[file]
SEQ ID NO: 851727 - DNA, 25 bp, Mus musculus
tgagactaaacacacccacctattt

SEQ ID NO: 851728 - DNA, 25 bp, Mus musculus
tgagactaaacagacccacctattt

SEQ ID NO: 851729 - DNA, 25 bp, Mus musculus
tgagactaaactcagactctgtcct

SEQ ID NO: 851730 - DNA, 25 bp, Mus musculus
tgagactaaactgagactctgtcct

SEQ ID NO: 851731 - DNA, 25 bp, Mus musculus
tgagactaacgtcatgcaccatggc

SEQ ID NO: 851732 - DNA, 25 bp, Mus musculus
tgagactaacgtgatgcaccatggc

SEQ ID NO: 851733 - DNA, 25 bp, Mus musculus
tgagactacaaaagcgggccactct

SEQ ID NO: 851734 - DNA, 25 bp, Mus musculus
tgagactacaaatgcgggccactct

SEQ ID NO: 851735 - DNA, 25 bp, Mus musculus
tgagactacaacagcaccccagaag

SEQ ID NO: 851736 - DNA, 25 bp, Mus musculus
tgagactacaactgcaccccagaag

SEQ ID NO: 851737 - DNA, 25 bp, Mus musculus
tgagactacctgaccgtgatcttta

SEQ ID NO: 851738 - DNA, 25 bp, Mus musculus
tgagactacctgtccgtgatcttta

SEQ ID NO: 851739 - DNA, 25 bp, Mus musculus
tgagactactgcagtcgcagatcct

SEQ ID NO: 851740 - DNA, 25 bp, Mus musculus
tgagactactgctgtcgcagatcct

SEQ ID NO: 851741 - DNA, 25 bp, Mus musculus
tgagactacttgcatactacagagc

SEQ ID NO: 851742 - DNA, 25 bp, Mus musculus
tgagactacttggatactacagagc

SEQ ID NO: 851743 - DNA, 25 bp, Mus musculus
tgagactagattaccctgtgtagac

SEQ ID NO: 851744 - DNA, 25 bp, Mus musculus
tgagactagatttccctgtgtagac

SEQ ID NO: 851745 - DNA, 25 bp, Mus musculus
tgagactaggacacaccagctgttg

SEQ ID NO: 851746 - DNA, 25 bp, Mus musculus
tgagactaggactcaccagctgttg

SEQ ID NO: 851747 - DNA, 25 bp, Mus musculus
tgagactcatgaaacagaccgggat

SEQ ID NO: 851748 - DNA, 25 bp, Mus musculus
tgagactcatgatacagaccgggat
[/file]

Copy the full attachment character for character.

SEQ ID NO: 851727 - DNA, 25 bp, Mus musculus
tgagactaaacacacccacctattt

SEQ ID NO: 851728 - DNA, 25 bp, Mus musculus
tgagactaaacagacccacctattt

SEQ ID NO: 851729 - DNA, 25 bp, Mus musculus
tgagactaaactcagactctgtcct

SEQ ID NO: 851730 - DNA, 25 bp, Mus musculus
tgagactaaactgagactctgtcct

SEQ ID NO: 851731 - DNA, 25 bp, Mus musculus
tgagactaacgtcatgcaccatggc

SEQ ID NO: 851732 - DNA, 25 bp, Mus musculus
tgagactaacgtgatgcaccatggc

SEQ ID NO: 851733 - DNA, 25 bp, Mus musculus
tgagactacaaaagcgggccactct

SEQ ID NO: 851734 - DNA, 25 bp, Mus musculus
tgagactacaaatgcgggccactct

SEQ ID NO: 851735 - DNA, 25 bp, Mus musculus
tgagactacaacagcaccccagaag

SEQ ID NO: 851736 - DNA, 25 bp, Mus musculus
tgagactacaactgcaccccagaag

SEQ ID NO: 851737 - DNA, 25 bp, Mus musculus
tgagactacctgaccgtgatcttta

SEQ ID NO: 851738 - DNA, 25 bp, Mus musculus
tgagactacctgtccgtgatcttta

SEQ ID NO: 851739 - DNA, 25 bp, Mus musculus
tgagactactgcagtcgcagatcct

SEQ ID NO: 851740 - DNA, 25 bp, Mus musculus
tgagactactgctgtcgcagatcct

SEQ ID NO: 851741 - DNA, 25 bp, Mus musculus
tgagactacttgcatactacagagc

SEQ ID NO: 851742 - DNA, 25 bp, Mus musculus
tgagactacttggatactacagagc

SEQ ID NO: 851743 - DNA, 25 bp, Mus musculus
tgagactagattaccctgtgtagac

SEQ ID NO: 851744 - DNA, 25 bp, Mus musculus
tgagactagatttccctgtgtagac

SEQ ID NO: 851745 - DNA, 25 bp, Mus musculus
tgagactaggacacaccagctgttg

SEQ ID NO: 851746 - DNA, 25 bp, Mus musculus
tgagactaggactcaccagctgttg

SEQ ID NO: 851747 - DNA, 25 bp, Mus musculus
tgagactcatgaaacagaccgggat

SEQ ID NO: 851748 - DNA, 25 bp, Mus musculus
tgagactcatgatacagaccgggat